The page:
"This referendum will not be held because it is unconstitutional,'' she said during a press conference on Saturday.

 

The West Gives Putin Too Much Credit

Barely a year has passed since Russia threw down the gauntlet to the West over Ukraine, when Moscow made plain its objections to the European integration sought by Kiev. With breakneck speed, the dispute turned into a full-out war imposed (though never declared) by the Kremlin against its smaller neighbor. Relations with the West, meanwhile, have returned to a confrontation reminiscent of the Cold War.
In this conflict, President Vladimir Putin has shown cunning, boldness and determination, while Western leaders have appeared disoriented, indecisive and ultimately weak. This, and Moscow's seemingly unstoppable march from one victory to the next, has fueled despair among those suffering from Russian aggression in Ukraine and elsewhere, while drawing admiration among Kremlin supporters in Russia and beyond. However, and admittedly against all appearances at this stage of the conflict, Putin has clearly overplayed his cards.
When Putin retook office in 2012, the new-old president vowed to restore Russia's standing in the world. In his view, a new multipolar world order was emerging, one that was no longer led by the West and in which Russia could play a key role.
To do so, Russia was to re-integrate the post-Soviet space and lead its own regional bloc, to limit Euro-Atlantic integration on its Western borders and to build new alliances in the East and elsewhere in the world. Two years into his presidency, and accelerated by the Ukraine crisis, it is becoming increasingly obvious that Putin is failing on all of these accounts.
First, the Russian president has proven unable to stem the centrifugal forces that are driving the former Soviet Union ever further apart. His grand design for a Eurasian Union isn't attractive to Russia's former satellites, whose populations have grown fond of independence and whose local rulers defend their mostly autocratic rule.
Coercion in turn, as applied to Ukraine, has irrevocably alienated Russia's most important neighbor. Those still willing to risk doing business with Russia, meanwhile, can ask for highly favorable terms. In doggedly pursuing this integrationist agenda, Moscow will see the Eurasian Union becoming an expensive drain on its resources, rather than a way to increase its regional and global sway.
Second, Putin has dramatically underestimated the unity and strength of the West. His plans to drive political, ideological and economic wedges between Europe and the U.S. have largely been frustrated. Instead, after long months of hesitation and faced with ever-greater tragedy in Ukraine, the European Union and NATO have regained their sense of purpose.
In lockstep, the U.S. and the EU have rolled out wave after wave of political and economic sanctions. The EU sped up the association process with Ukraine, as well as with Georgia and Moldova, and it is pressed ever harder to provide these neighbors with a clear European perspective. NATO has effectively returned to its original mission and has started to reinforce the defense of its Eastern-most members. In short, rather than preventing Western influence, Putin's approach has brought Euro-Atlantic structures closer to Russian borders than ever.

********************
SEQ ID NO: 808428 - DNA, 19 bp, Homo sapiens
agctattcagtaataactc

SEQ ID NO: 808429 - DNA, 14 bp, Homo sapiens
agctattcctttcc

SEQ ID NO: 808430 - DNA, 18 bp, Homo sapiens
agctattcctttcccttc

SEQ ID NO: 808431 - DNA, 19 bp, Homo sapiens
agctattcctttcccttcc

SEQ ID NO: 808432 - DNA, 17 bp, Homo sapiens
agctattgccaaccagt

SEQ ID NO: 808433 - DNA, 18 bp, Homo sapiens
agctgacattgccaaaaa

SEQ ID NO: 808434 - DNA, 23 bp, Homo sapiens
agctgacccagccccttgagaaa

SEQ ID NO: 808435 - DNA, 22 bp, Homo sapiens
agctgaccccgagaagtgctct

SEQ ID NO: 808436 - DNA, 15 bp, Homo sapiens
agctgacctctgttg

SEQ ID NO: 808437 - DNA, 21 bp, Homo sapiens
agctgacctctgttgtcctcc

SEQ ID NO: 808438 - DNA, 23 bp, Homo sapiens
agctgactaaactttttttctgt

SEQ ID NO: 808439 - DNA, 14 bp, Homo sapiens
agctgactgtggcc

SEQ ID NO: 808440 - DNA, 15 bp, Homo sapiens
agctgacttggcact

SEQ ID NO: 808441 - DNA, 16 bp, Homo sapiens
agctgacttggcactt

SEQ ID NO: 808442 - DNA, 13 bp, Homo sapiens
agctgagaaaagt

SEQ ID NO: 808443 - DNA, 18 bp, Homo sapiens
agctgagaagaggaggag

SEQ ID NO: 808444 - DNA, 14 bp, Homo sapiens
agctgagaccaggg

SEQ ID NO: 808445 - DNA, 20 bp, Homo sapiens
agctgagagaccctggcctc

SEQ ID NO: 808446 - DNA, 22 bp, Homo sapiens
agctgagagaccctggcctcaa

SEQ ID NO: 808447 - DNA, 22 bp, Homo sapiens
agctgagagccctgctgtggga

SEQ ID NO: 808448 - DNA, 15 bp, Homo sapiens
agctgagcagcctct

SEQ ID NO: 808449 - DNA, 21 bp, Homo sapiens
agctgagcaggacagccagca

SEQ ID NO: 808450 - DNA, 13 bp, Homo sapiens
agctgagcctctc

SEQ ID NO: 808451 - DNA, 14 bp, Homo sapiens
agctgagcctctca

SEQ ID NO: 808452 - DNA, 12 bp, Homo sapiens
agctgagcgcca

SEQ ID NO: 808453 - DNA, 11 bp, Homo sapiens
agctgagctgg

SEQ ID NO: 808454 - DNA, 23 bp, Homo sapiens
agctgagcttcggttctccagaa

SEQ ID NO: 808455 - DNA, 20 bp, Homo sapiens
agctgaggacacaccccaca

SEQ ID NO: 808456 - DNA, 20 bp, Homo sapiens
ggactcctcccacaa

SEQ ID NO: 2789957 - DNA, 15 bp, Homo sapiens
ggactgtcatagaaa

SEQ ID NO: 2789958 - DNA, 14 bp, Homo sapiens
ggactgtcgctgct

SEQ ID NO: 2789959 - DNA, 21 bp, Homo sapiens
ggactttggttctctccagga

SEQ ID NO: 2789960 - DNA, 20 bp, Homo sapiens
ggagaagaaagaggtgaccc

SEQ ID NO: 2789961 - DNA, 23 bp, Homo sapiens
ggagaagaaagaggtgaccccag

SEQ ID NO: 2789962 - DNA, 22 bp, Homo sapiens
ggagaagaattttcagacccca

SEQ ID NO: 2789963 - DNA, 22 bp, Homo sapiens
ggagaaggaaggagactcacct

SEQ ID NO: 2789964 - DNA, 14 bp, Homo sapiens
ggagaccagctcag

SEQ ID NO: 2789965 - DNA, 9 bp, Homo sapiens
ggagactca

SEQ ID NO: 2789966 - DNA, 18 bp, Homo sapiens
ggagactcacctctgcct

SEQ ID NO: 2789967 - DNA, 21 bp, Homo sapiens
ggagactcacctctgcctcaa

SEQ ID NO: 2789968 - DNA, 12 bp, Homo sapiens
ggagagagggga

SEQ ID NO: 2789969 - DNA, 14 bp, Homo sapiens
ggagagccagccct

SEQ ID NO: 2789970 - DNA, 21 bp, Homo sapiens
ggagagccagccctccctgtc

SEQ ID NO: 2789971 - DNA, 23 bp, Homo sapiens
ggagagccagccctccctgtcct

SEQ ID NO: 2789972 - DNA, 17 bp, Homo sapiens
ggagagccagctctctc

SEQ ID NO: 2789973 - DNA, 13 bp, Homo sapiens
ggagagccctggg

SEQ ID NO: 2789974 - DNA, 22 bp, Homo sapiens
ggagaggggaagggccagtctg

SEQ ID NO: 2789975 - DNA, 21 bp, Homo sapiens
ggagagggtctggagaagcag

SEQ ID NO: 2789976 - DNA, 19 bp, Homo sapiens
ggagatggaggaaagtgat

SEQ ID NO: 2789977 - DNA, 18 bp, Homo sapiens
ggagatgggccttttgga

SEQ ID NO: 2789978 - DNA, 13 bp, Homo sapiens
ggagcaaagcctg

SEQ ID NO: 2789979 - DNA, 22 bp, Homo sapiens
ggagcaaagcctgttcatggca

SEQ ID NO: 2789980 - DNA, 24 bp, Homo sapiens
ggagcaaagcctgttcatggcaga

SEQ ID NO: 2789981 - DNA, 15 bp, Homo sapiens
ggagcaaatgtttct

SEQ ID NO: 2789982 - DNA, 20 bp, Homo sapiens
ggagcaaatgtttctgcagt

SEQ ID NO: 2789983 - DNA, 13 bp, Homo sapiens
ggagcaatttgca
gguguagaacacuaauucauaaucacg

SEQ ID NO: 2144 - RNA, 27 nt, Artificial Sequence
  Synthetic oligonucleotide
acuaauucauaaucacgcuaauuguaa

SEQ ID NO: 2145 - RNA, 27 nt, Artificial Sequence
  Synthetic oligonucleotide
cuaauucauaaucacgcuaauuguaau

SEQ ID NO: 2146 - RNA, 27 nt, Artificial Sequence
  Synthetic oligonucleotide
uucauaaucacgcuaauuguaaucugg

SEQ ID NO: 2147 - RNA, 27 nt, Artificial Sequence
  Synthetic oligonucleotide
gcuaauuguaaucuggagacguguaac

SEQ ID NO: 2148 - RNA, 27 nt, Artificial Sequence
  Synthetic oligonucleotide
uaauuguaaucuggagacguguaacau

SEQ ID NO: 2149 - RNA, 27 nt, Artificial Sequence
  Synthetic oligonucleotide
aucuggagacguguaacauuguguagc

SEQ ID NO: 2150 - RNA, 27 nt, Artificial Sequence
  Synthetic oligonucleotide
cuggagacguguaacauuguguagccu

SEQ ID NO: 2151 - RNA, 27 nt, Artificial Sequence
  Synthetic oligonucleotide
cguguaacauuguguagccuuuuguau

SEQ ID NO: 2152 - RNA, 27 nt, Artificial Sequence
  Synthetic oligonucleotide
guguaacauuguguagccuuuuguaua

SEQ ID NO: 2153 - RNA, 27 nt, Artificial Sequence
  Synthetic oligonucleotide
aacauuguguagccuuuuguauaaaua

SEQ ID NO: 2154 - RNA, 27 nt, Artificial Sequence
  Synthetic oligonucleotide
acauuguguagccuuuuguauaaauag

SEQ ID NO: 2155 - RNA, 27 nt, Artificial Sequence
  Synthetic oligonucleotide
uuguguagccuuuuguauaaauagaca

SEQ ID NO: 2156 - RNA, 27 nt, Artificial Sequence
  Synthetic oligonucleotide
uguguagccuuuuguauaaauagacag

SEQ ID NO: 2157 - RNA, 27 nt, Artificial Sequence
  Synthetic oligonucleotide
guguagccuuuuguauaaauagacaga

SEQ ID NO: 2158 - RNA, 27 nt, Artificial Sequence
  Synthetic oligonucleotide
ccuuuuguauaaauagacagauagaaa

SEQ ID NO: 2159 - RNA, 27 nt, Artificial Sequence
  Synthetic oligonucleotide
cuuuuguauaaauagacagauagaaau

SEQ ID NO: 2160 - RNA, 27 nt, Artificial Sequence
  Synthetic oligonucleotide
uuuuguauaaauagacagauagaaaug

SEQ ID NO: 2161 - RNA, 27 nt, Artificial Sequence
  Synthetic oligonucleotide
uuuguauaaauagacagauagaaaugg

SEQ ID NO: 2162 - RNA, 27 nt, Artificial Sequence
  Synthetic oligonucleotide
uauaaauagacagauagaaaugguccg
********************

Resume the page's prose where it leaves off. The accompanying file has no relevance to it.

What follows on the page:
Third, Putin has grossly overestimated the global support that he might elicit with his challenge to the West over Ukraine. None of the emerging powers in the BRICS group has openly sided with the Kremlin. If anything, China took advantage of Russia's international isolation to wrestle Moscow into a bargain on long-term gas supplies.
Nor have Putin's closest partners — Presidents Alexander Lukashenko of Belarus and Nursultan Nazarbayev of Kazakhstan — expressly backed his actions in Ukraine, preferring instead to stick to cautious and pragmatic neutrality. Meanwhile, public opinion across Europe, which has traditionally viewed Russia favorably, has swung in the other direction, with majorities now opposed to Kremlin policies. In attempting to put Russia into the driver's seat against Western dominance, Putin has succeeded only in becoming an international pariah.
Fourth, Putin has misjudged the dynamics of nationalist sentiment inside Russia. After his contested re-election in 2012, it seemed that tapping into Russian patriotism would be an effective way to boost his legitimacy. With the annexation of Crimea, the Russian president rode these feelings to record heights.
But Putin will soon realize that nationalism is insatiable, and that his authority will be dangerously eroded if he sidesteps the nationalists' demands for "Novorossia." In short, Putin has made himself hostage to a sentiment that will push him from conflict to conflict with Russia's neighbors.
Finally, Putin demonstrates little grasp of his country's economy, its global exposure and vulnerability, and the heavy price it is now paying for his geo-political adventures. Already slowed by a falling oil price, the Ukraine crisis and Western sanctions have brought Russia's economy to the brink of recession.